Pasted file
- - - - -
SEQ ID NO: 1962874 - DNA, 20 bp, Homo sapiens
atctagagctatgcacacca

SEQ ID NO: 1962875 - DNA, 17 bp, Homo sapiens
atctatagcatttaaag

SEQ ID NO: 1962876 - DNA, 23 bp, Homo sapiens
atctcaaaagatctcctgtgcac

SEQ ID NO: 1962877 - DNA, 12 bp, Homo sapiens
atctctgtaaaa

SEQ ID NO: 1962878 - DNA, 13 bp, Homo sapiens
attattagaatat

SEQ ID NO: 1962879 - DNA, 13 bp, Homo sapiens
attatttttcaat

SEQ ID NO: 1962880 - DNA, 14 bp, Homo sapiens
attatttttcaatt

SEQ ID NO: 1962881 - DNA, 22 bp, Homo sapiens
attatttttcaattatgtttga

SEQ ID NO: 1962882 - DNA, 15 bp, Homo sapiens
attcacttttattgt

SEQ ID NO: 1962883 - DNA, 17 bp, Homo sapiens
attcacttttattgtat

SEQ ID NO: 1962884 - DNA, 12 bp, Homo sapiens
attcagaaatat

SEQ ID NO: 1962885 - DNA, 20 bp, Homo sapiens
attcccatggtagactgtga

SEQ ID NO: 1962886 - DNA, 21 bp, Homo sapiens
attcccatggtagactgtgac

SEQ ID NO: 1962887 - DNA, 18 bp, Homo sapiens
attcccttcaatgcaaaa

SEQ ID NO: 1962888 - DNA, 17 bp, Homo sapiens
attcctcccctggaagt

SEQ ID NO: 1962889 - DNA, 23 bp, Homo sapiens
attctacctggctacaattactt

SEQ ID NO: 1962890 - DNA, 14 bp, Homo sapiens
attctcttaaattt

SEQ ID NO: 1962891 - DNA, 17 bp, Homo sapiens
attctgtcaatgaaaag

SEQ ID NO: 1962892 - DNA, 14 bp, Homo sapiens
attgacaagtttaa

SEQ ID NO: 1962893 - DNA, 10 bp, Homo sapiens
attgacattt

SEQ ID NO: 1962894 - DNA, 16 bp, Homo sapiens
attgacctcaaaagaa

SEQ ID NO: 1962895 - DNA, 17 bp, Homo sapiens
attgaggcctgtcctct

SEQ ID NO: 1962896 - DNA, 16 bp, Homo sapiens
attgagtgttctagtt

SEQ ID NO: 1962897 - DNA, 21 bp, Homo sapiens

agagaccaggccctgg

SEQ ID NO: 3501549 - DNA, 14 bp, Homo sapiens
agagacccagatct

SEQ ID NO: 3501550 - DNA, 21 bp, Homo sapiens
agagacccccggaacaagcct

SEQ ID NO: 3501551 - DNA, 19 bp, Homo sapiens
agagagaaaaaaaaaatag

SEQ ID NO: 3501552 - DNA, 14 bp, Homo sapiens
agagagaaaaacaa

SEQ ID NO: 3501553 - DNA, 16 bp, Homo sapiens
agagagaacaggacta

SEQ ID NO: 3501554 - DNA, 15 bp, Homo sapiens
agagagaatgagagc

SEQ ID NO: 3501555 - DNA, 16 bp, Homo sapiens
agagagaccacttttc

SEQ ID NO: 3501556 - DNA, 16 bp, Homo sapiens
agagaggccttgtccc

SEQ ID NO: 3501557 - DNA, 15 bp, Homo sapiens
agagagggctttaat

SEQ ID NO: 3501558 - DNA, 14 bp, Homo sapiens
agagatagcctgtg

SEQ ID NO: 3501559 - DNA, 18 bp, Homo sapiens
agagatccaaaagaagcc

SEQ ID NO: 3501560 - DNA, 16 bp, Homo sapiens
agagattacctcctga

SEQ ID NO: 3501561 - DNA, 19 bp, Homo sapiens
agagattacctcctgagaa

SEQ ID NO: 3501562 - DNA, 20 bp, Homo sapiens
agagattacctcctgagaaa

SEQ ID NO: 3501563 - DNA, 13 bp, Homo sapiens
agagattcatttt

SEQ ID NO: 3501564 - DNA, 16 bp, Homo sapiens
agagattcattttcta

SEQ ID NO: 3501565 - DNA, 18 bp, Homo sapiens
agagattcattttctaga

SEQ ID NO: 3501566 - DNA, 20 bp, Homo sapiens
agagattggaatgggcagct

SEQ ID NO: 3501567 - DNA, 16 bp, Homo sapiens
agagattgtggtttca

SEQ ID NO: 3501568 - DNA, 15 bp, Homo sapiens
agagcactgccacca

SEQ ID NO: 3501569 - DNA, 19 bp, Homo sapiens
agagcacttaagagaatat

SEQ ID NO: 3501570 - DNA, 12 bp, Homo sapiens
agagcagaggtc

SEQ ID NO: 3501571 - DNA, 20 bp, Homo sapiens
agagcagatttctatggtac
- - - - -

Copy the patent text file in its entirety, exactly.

SEQ ID NO: 1962874 - DNA, 20 bp, Homo sapiens
atctagagctatgcacacca

SEQ ID NO: 1962875 - DNA, 17 bp, Homo sapiens
atctatagcatttaaag

SEQ ID NO: 1962876 - DNA, 23 bp, Homo sapiens
atctcaaaagatctcctgtgcac

SEQ ID NO: 1962877 - DNA, 12 bp, Homo sapiens
atctctgtaaaa

SEQ ID NO: 1962878 - DNA, 13 bp, Homo sapiens
attattagaatat

SEQ ID NO: 1962879 - DNA, 13 bp, Homo sapiens
attatttttcaat

SEQ ID NO: 1962880 - DNA, 14 bp, Homo sapiens
attatttttcaatt

SEQ ID NO: 1962881 - DNA, 22 bp, Homo sapiens
attatttttcaattatgtttga

SEQ ID NO: 1962882 - DNA, 15 bp, Homo sapiens
attcacttttattgt

SEQ ID NO: 1962883 - DNA, 17 bp, Homo sapiens
attcacttttattgtat

SEQ ID NO: 1962884 - DNA, 12 bp, Homo sapiens
attcagaaatat

SEQ ID NO: 1962885 - DNA, 20 bp, Homo sapiens
attcccatggtagactgtga

SEQ ID NO: 1962886 - DNA, 21 bp, Homo sapiens
attcccatggtagactgtgac

SEQ ID NO: 1962887 - DNA, 18 bp, Homo sapiens
attcccttcaatgcaaaa

SEQ ID NO: 1962888 - DNA, 17 bp, Homo sapiens
attcctcccctggaagt

SEQ ID NO: 1962889 - DNA, 23 bp, Homo sapiens
attctacctggctacaattactt

SEQ ID NO: 1962890 - DNA, 14 bp, Homo sapiens
attctcttaaattt

SEQ ID NO: 1962891 - DNA, 17 bp, Homo sapiens
attctgtcaatgaaaag

SEQ ID NO: 1962892 - DNA, 14 bp, Homo sapiens
attgacaagtttaa

SEQ ID NO: 1962893 - DNA, 10 bp, Homo sapiens
attgacattt

SEQ ID NO: 1962894 - DNA, 16 bp, Homo sapiens
attgacctcaaaagaa

SEQ ID NO: 1962895 - DNA, 17 bp, Homo sapiens
attgaggcctgtcctct

SEQ ID NO: 1962896 - DNA, 16 bp, Homo sapiens
attgagtgttctagtt

SEQ ID NO: 1962897 - DNA, 21 bp, Homo sapiens

agagaccaggccctgg

SEQ ID NO: 3501549 - DNA, 14 bp, Homo sapiens
agagacccagatct

SEQ ID NO: 3501550 - DNA, 21 bp, Homo sapiens
agagacccccggaacaagcct

SEQ ID NO: 3501551 - DNA, 19 bp, Homo sapiens
agagagaaaaaaaaaatag

SEQ ID NO: 3501552 - DNA, 14 bp, Homo sapiens
agagagaaaaacaa

SEQ ID NO: 3501553 - DNA, 16 bp, Homo sapiens
agagagaacaggacta

SEQ ID NO: 3501554 - DNA, 15 bp, Homo sapiens
agagagaatgagagc

SEQ ID NO: 3501555 - DNA, 16 bp, Homo sapiens
agagagaccacttttc

SEQ ID NO: 3501556 - DNA, 16 bp, Homo sapiens
agagaggccttgtccc

SEQ ID NO: 3501557 - DNA, 15 bp, Homo sapiens
agagagggctttaat

SEQ ID NO: 3501558 - DNA, 14 bp, Homo sapiens
agagatagcctgtg

SEQ ID NO: 3501559 - DNA, 18 bp, Homo sapiens
agagatccaaaagaagcc

SEQ ID NO: 3501560 - DNA, 16 bp, Homo sapiens
agagattacctcctga

SEQ ID NO: 3501561 - DNA, 19 bp, Homo sapiens
agagattacctcctgagaa

SEQ ID NO: 3501562 - DNA, 20 bp, Homo sapiens
agagattacctcctgagaaa

SEQ ID NO: 3501563 - DNA, 13 bp, Homo sapiens
agagattcatttt

SEQ ID NO: 3501564 - DNA, 16 bp, Homo sapiens
agagattcattttcta

SEQ ID NO: 3501565 - DNA, 18 bp, Homo sapiens
agagattcattttctaga

SEQ ID NO: 3501566 - DNA, 20 bp, Homo sapiens
agagattggaatgggcagct

SEQ ID NO: 3501567 - DNA, 16 bp, Homo sapiens
agagattgtggtttca

SEQ ID NO: 3501568 - DNA, 15 bp, Homo sapiens
agagcactgccacca

SEQ ID NO: 3501569 - DNA, 19 bp, Homo sapiens
agagcacttaagagaatat

SEQ ID NO: 3501570 - DNA, 12 bp, Homo sapiens
agagcagaggtc

SEQ ID NO: 3501571 - DNA, 20 bp, Homo sapiens
agagcagatttctatggtac